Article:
The landing zone will be in the crux of the diamonds on each side, making this a great place for spinners or other motion decoys.
The total number of decoys is always a big key for decoying late-season birds in fields, and since you'll have help and it's not on the water, you should pretty much be able to set everything you've got. THe more the merrier, I always say.
Sometimes simply referred to as the U, this rig gets the attention of puddle ducks as well as divers. This rig plays on a wind that is usually at the hunter's back, or a wind that you feel will change.
Incoming birds like divers will shoot for the empty water straight in front of you just like dabbling ducks, but the puddle ducks will give both sides of the blind individual opportunities to shoot as they sometimes like to skirt the center and land on the outskirts first.
Basically speaking, define your target landing zone and begin to spread your block out around it from left to right with the furthest decoys at about 35-40 yards around the horseshoe, and the closest right in front of you at 10-15 yards. There should be some motion in your spread in the set nearest to the blind along with some confidence decoys to give wary ducks something to keep their attention away from the hunters.
The X Technique
This spread can sometimes be referred to as the double O as well, depending on how many landing zones you want. Here is where you place your blind roughly in the middle of everything and begin setting your decoys in an "X" shape with the cross of the X approximately where you are sitting. This is not so much wind direction related, as it is making a larger area of possible landing spots for your quarry.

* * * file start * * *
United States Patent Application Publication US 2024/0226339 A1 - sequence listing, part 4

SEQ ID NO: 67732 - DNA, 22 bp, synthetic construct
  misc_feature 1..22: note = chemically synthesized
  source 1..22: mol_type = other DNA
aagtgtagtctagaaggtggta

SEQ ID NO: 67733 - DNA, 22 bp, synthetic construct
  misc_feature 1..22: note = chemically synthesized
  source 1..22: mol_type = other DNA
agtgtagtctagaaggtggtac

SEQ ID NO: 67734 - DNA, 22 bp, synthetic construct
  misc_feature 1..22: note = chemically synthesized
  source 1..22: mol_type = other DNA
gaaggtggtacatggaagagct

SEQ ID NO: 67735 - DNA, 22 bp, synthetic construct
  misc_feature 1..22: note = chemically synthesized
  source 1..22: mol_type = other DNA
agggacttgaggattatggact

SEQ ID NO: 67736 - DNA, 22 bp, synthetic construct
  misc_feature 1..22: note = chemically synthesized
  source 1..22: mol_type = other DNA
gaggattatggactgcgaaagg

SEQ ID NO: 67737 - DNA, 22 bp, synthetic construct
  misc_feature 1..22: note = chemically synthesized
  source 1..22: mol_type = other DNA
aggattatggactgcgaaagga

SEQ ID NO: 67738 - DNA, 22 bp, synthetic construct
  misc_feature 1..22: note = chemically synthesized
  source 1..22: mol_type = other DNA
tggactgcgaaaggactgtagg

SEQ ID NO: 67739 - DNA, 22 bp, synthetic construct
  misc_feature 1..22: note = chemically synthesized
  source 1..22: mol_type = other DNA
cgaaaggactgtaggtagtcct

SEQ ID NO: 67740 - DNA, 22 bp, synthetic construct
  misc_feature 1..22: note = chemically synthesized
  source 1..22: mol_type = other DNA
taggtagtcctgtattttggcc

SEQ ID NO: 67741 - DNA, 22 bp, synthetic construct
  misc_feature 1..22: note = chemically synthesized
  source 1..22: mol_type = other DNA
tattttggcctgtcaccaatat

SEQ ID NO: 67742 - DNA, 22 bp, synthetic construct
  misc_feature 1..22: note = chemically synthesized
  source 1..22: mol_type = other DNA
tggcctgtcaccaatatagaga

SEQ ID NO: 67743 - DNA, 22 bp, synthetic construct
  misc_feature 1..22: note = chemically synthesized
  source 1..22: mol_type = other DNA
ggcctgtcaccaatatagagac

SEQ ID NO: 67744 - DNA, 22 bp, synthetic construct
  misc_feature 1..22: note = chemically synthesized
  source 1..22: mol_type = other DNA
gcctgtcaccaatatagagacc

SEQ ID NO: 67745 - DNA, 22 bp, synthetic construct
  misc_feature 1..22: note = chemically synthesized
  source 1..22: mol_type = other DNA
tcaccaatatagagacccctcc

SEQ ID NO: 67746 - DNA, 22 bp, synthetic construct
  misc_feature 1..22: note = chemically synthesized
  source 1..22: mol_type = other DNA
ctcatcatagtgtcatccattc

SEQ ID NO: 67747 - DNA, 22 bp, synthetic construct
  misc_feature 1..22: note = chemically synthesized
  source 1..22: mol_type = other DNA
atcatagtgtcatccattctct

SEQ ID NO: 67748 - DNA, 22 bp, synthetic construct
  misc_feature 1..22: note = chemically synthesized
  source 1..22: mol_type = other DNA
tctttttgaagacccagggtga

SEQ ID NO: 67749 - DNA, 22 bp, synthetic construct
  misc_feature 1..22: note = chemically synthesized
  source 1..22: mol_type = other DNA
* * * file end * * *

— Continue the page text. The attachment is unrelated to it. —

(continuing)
This works well for late-season puddlers, especially when the rig consists of several different species, along with lots of hen mallards and greenheads. The X pattern will give you four distinct landing zones including directly behind you, so you better make sure that you can shoot safely in that direction.
If you close the X on the sides of the blind by making it into a circle, you can avoid this problem and keep ducks landing more in front of you, hence the term double O.
Further Duck Decoy Thoughts
Other than flooded timber, we either hunt open water or fields. This includes river hunting, streams, ponds and potholes. When hunting early season, "green" birds, or home birds we usually don't have an issue getting them into shotgun range.
But it's when the hunting season stretches on, and birds pick up on the little things, that duck decoy spreads help tilt the scales.
For generations, duck hunters encountered all the same problems and responded by creating these various methods to visually convince birds it'd be a darn good idea to land right there.
It doesn't matter if it's small groups of mallard ducks in the timber or large groups of honkers in a field, or whether we use a dozen decoys or 60 on a series of long lines.
What matters is we're using smart decisions with the resources and tools we've got, and combining the right amounts and types of ingredients that cooking up a great hunt requires.
Sounds like a recipe for a limit, doesn't it?